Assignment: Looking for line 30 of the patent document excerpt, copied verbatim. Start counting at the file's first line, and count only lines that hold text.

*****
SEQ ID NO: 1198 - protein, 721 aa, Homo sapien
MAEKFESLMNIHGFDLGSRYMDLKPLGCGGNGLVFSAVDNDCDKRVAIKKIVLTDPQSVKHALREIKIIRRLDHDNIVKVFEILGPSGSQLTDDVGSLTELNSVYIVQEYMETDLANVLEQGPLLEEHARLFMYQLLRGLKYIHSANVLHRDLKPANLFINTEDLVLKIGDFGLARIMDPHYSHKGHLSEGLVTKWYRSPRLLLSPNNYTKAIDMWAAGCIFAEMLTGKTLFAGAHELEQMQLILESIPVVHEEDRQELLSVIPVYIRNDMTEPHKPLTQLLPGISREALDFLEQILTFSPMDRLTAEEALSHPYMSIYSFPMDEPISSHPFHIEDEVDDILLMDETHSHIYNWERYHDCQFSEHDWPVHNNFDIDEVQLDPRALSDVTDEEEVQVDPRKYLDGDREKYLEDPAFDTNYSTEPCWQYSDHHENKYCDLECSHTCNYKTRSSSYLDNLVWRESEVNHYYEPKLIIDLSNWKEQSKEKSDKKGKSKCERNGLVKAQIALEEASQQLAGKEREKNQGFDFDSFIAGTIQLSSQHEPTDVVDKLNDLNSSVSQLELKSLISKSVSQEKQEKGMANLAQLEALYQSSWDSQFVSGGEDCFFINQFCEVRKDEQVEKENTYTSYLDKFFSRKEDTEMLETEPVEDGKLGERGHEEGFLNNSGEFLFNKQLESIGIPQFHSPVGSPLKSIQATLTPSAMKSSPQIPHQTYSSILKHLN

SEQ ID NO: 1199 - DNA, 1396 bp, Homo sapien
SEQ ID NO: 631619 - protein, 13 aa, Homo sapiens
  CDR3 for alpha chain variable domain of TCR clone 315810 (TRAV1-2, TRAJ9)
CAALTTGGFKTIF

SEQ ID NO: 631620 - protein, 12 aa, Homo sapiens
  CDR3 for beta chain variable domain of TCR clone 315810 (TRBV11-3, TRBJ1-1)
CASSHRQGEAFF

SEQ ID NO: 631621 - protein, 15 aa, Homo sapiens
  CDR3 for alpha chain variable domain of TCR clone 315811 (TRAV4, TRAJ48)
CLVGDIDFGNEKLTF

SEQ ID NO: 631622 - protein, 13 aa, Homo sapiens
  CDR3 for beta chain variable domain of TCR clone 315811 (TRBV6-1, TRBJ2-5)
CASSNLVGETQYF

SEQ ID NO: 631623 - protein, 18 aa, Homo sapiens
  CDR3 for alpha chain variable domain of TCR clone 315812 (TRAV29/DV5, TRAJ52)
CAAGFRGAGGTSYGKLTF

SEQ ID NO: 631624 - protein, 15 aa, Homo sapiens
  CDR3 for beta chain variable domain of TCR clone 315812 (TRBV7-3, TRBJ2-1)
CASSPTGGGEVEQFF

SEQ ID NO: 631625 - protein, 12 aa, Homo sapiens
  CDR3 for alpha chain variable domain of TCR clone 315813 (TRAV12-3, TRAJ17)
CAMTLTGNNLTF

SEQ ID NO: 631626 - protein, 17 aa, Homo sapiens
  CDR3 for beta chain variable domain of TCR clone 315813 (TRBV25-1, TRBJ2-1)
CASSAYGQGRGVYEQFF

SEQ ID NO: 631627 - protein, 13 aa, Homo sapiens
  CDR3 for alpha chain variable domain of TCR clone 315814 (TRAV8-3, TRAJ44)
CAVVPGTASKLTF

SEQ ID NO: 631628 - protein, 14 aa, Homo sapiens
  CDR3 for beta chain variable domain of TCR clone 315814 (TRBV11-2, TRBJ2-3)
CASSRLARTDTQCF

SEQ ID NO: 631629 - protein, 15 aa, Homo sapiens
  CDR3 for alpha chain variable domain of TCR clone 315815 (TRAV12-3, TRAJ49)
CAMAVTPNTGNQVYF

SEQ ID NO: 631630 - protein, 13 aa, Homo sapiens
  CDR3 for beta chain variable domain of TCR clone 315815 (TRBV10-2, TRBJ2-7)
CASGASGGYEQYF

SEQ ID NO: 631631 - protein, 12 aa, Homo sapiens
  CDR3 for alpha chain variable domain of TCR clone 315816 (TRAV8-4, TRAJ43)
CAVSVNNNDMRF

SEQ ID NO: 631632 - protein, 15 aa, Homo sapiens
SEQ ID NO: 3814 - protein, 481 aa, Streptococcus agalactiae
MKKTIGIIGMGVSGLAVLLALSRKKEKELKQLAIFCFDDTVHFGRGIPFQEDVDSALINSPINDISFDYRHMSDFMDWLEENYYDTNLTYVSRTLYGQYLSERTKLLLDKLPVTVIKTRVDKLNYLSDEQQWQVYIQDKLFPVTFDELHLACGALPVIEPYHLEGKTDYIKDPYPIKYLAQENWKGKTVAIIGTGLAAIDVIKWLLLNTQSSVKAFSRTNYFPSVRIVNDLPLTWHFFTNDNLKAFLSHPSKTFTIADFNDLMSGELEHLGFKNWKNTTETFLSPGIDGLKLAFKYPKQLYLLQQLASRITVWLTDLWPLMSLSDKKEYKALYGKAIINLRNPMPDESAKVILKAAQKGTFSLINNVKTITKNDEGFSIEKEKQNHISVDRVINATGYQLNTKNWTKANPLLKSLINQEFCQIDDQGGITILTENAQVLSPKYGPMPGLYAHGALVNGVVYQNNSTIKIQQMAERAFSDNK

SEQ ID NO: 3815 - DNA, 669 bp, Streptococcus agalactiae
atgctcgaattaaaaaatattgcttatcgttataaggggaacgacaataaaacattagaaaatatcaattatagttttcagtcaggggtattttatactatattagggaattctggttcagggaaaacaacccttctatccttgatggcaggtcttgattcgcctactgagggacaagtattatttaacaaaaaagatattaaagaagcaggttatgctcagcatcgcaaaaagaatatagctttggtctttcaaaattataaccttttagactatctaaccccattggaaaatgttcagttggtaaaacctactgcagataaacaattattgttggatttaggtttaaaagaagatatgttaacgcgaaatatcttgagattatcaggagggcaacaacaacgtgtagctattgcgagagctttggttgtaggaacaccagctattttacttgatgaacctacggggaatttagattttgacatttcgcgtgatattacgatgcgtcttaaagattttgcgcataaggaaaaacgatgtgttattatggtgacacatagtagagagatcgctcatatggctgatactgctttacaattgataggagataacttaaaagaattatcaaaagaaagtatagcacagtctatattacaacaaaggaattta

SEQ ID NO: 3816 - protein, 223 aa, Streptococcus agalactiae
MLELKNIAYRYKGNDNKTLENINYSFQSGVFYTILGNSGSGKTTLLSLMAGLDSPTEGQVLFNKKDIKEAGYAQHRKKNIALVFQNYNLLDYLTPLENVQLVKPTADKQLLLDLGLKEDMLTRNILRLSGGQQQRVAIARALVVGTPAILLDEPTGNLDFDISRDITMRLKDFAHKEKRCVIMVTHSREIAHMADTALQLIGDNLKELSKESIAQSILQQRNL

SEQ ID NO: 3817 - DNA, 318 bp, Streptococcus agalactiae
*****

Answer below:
CAVVPGTASKLTF